A Quick Bash Script for IP Scanner and Port Scanner

This is a very simple, but very useful IP Scanner and Port Scanner. This is not a full blown utility, as you can see there’s only two for loop. It is meant more than anything as a proof of concept, and something you can build your script upon.
IP Scanner:

for host in {1..254}; do
    ping -c1 $network$host &>/dev/null;
    [ $? -eq 0 ] && echo "$network$host is up"

The ip scanner stars with the assignment of a variable containing the network address. Assuming you are scanning a class C network. If not then you would have to modify the script slightly. The rest is the for loop cicling from numbers 1 through 254. In every cycle there is a ping command sending only one packet. The next line check for the exist status of the ping command. If exist status was successful then we can assume the host is up.

Port Scanner:

for port in {1..150}; do 
    (echo > /dev/tcp/$host/$port) &>/dev/null
    [ $? -eq 0 ] && echo "$port open"

There’s a ton of ways that a port scanner can be done in Linux, but for this one we assume no utilities have been installed, and we have to do what we have in a bare bone installation of Linux. The first line assigns the ip address of to host variable. Then the for loop echo into device tcp. If the exist status is successful we got an open port. For this example I just decided to scan from ports 1 through 150.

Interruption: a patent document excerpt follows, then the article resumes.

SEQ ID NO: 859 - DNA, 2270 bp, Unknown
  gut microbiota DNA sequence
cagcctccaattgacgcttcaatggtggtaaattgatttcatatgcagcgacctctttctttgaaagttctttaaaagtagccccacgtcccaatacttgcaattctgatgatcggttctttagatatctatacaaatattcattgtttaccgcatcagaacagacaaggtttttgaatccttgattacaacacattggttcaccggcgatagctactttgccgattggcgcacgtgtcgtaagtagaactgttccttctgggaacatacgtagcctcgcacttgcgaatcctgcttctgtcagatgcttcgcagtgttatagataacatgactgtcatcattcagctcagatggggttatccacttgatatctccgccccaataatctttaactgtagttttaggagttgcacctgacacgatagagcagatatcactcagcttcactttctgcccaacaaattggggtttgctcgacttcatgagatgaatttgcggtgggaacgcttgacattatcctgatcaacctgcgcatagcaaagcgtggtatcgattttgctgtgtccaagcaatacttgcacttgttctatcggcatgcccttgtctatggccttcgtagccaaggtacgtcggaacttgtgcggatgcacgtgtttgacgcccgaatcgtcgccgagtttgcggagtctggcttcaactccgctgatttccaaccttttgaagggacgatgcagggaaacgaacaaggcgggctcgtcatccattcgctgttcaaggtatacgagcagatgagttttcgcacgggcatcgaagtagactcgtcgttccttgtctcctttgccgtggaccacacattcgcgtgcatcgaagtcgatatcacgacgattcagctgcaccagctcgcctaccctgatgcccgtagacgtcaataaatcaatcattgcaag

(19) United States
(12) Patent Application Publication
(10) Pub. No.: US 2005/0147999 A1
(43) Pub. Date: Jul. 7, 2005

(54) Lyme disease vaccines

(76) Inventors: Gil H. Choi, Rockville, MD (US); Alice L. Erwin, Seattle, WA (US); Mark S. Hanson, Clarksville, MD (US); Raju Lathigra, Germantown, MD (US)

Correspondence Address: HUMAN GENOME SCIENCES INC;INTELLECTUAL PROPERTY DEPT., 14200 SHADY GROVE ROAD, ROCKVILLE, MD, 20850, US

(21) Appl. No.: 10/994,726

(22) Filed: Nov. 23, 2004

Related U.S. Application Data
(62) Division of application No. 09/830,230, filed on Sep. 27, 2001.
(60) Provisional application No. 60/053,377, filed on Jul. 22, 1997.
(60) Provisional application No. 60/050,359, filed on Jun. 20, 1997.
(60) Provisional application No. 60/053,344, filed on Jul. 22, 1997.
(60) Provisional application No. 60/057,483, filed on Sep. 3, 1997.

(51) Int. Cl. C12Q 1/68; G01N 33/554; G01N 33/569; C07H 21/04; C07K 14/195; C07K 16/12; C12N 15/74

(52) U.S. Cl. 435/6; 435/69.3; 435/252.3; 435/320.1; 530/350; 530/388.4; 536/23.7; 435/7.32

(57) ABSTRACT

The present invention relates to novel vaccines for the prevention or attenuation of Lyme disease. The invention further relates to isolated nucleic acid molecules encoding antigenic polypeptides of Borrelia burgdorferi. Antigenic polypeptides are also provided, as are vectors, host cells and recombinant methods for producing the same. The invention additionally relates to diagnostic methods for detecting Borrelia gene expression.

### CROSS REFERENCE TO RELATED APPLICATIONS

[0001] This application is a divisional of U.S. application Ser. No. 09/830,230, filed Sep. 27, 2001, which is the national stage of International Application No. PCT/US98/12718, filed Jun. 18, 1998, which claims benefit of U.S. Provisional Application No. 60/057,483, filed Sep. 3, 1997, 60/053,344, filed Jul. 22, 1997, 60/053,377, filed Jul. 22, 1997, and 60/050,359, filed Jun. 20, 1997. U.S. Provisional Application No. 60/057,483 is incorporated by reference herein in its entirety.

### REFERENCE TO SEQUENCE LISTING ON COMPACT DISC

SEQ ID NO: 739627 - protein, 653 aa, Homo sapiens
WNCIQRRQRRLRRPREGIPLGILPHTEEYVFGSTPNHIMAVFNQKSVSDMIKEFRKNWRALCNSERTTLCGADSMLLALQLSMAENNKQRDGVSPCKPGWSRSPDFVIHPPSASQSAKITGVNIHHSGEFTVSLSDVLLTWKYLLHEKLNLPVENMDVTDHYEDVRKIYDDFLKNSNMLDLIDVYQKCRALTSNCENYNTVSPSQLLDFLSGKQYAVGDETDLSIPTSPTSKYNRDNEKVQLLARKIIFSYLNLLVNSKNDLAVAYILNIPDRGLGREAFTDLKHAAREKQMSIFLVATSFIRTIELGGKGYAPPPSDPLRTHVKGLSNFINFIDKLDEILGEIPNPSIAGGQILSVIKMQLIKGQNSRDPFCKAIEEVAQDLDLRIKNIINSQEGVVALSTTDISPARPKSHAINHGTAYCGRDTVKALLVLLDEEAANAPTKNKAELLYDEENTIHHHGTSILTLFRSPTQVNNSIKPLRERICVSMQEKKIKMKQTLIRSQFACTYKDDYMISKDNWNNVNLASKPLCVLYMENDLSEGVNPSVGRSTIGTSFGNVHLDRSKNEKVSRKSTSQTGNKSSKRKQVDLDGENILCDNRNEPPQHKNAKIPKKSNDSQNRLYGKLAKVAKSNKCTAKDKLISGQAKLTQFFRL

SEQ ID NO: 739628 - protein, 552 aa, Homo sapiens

Detecting Service on The Network
We can expand on the previous command and use it in a more broad situation. For example, if we wanted to find a particular service or server running on the network eg: DNS, SSH, Web, etc.. We could use something like:

for host in {1..254}; do
	ping -c 1 $network$host &> /dev/null 
	[ $? -eq 1 ] && continue 
	(echo > /dev/tcp/$network$host/$port) &>/dev/null
	[ $? -eq 0 ] && [ $port -eq 53 ] && echo "$network$host DNS Server"	

The previous script builds on everything we’ve seen on this tutorial. It loops from ip 1..254 and ping every ip. If it finds a response; then it proceed to test for port 53 (line 6,7). Notice that if the ping command is not successful, the loop continues to the next iteration. In addition, you can add more ports to the script; however, this will decrease scanning time.
Hope you enjoyed the tutorial and be Responsible!

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